OUR VIEW: Provincial oversight missing in Cortes logging dispute

The current impasse over logging on private land on Cortes Island is unique by B.C. standards. In a province where wars in the woods have often been bitterly waged, the Cortes standoff stands apart.

Cortes environmentalists and Island Timberlands have been debating the company’s logging plans for about four years without coming to serious blows. The islanders are not trying to ban logging altogether, they are asking for Timberlands to adopt an ecosystem-based, selective logging harvesting plan that spares old growth.

And, Timberlands, which is owned by Wall Street giant Brookfield Asset Management, has exercised a measure of restraint and has not immediately sought an injunction to gain access to the property.

As encouraging as this is, there is something glaringly absent in the debate – provincial government stewardship. There can be no lasting resolution of the Cortes Island conflict unless it can be demonstrated that logging on the company’s private land is subject to diligent regulatory oversight. Private land logging companies claim they are subject to more than 30 provincial acts and regulations.

But, the environmentalists counter-claim that the industry uses a model of professional reliance which means that there is no real government oversight and private land foresters ultimately get to decide what constitutes compliance.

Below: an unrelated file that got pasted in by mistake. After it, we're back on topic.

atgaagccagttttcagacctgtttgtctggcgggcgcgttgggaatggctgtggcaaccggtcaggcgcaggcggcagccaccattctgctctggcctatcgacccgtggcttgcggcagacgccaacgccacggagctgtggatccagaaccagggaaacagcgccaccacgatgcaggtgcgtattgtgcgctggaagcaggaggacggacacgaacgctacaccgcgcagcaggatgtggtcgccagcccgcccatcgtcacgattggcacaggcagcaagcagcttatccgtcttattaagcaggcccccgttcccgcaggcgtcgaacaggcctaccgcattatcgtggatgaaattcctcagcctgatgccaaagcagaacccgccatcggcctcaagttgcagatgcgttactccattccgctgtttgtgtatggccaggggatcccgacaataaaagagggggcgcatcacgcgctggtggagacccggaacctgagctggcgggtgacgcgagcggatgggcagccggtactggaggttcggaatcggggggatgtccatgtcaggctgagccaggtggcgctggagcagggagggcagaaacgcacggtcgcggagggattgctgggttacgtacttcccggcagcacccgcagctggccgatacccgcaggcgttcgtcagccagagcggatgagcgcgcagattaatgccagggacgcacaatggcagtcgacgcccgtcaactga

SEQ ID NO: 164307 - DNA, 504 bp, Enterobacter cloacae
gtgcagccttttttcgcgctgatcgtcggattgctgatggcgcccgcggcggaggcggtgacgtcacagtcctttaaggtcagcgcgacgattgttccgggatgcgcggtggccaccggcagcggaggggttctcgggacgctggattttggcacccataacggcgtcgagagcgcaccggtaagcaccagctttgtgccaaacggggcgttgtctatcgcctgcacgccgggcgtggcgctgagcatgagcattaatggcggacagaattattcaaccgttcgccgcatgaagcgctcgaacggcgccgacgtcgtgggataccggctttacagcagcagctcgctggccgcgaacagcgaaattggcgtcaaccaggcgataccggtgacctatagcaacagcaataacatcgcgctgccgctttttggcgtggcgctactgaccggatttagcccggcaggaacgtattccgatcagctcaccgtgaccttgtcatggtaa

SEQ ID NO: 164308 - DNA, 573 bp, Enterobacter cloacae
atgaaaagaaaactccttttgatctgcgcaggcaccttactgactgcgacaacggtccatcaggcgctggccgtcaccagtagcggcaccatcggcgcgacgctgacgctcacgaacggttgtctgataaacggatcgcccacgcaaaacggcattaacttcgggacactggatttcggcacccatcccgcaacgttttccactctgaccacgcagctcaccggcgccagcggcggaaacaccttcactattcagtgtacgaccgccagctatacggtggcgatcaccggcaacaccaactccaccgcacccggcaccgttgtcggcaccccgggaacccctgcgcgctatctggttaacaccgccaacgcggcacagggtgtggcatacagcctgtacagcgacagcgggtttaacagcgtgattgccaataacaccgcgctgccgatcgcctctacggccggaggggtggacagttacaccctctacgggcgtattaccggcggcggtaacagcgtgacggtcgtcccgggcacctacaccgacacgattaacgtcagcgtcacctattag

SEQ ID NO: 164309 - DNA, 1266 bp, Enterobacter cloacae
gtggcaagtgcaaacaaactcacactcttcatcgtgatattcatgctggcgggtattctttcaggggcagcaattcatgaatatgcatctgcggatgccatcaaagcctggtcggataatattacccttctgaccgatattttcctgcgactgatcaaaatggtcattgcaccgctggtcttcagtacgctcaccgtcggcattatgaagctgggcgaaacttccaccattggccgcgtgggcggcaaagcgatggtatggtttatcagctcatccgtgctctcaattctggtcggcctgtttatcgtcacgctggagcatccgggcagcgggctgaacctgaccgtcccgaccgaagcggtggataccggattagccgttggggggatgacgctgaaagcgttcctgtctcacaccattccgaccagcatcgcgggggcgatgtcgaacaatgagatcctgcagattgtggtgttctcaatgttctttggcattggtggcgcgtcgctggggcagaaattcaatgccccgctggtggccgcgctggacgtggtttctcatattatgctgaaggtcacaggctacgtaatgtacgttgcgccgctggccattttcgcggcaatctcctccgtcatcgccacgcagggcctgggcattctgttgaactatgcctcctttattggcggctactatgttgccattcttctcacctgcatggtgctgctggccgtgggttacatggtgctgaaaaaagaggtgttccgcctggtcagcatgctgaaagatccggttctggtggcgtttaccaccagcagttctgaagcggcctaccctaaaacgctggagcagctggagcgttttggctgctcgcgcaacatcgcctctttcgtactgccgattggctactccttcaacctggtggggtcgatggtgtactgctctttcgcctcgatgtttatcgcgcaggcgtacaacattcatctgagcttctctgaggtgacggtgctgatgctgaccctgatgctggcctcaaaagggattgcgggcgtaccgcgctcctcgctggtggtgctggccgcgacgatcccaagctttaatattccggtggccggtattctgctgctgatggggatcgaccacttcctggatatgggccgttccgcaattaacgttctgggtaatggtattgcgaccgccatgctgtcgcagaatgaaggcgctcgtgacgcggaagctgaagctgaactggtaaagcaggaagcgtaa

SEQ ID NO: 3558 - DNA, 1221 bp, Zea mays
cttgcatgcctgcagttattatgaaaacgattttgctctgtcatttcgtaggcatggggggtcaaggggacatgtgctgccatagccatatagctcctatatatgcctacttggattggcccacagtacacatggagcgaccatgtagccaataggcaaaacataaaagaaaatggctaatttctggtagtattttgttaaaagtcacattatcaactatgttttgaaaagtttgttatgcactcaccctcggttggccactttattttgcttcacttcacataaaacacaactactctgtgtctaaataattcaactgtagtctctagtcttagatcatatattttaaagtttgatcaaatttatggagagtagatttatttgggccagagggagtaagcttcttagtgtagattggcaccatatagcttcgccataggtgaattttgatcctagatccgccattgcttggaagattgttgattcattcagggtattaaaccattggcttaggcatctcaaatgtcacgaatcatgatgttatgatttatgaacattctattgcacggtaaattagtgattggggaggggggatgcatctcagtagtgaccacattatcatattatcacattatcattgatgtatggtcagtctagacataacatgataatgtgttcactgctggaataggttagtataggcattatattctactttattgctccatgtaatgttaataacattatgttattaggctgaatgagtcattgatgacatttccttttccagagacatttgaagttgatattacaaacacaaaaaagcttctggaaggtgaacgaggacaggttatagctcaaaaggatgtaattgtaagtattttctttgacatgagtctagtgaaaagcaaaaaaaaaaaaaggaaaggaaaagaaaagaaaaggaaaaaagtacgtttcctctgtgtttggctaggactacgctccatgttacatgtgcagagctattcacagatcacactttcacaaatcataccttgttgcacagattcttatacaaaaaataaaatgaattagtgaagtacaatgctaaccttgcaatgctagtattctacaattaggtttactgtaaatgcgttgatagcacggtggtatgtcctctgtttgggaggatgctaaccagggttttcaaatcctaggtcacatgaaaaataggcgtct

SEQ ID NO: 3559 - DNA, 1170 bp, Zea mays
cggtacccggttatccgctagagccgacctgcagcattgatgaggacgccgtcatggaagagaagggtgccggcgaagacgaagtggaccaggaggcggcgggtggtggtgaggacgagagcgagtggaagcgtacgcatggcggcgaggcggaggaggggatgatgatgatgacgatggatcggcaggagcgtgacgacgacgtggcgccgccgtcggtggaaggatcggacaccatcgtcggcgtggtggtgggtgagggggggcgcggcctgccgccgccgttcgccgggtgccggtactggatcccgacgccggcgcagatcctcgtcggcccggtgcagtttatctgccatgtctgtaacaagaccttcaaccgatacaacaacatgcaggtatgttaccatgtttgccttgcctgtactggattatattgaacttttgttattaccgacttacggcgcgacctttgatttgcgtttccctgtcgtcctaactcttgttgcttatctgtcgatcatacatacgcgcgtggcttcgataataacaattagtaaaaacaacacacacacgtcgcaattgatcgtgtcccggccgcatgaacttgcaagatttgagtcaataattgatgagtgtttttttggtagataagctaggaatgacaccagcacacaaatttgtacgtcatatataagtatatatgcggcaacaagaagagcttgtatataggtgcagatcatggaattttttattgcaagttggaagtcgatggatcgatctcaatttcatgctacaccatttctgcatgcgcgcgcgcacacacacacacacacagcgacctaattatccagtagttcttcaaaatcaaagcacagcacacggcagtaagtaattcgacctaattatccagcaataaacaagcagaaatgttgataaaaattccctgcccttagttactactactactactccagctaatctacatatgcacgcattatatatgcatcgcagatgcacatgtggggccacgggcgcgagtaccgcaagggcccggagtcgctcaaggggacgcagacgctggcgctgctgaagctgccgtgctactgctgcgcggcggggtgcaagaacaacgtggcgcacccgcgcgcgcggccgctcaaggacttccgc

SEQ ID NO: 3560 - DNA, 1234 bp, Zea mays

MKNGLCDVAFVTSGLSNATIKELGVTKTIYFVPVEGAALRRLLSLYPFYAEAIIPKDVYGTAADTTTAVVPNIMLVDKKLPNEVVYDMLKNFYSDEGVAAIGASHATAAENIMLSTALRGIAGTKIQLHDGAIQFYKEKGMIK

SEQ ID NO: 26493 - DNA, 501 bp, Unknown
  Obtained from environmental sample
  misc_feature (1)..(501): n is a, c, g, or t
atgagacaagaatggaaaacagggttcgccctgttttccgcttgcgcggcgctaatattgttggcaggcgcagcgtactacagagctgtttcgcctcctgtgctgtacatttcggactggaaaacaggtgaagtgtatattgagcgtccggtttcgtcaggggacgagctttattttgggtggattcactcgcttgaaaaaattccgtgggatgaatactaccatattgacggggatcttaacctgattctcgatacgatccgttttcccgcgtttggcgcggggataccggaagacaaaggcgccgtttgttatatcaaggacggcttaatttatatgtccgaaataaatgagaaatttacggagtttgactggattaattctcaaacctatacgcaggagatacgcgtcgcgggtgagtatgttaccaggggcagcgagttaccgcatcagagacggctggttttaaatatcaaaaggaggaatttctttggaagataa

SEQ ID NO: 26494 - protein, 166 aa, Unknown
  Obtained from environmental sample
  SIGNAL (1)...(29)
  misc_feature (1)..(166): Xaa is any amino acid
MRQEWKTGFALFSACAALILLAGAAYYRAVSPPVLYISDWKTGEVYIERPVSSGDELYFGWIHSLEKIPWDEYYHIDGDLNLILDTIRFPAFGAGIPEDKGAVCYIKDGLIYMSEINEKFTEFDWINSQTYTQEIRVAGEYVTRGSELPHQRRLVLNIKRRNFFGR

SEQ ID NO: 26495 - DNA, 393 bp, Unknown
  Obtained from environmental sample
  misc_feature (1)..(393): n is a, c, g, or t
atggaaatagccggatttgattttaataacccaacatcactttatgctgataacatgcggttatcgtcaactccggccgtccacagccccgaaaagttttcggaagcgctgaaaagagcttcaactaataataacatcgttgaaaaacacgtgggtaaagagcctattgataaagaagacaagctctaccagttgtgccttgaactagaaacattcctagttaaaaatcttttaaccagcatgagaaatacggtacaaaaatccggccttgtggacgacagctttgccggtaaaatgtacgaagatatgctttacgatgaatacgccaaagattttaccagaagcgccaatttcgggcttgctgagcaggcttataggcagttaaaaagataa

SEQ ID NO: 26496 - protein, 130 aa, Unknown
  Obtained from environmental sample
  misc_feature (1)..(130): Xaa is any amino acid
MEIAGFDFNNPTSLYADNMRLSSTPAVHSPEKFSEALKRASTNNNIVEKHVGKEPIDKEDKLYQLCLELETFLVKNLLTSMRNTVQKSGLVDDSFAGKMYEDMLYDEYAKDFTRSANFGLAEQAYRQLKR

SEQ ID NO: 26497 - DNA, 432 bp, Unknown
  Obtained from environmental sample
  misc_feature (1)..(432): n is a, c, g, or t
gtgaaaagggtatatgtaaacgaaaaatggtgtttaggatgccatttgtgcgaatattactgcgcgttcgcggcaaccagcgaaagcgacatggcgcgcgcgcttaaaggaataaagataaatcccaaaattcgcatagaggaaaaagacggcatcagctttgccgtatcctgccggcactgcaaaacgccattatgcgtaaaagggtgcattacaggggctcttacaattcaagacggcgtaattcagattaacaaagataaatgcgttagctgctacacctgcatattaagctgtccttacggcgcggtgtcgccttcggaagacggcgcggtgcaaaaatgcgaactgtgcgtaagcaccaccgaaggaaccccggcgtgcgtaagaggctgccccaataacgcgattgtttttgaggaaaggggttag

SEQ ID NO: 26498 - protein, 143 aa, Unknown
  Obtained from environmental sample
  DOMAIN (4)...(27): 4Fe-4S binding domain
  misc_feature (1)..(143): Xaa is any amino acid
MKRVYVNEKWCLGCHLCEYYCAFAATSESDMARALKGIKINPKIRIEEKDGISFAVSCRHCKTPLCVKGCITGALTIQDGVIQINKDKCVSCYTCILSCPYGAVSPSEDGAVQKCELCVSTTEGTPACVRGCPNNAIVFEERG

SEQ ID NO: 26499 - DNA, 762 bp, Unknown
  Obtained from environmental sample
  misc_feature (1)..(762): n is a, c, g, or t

Further complicating the Cortes Island impasse are global investment forces over which Cortes has no control. China Investment Corp.(CIC), the state-owned investment arm of the People’s Republic of China, is interested in purchasing a significant percentage of Island Timberlands. CIC is an investment powerhouse with approximately $200 billion of China’s foreign exchange reserves to play with.

The notion that the fate of old growth stands on tiny Cortes Island will be debated and determined in part by faceless Communist Party plutocrats in Beijing is kind of scary. The scenario is made more scary by the fact that our provincial government seems to have abandoned all caring for commercial logging on private land.




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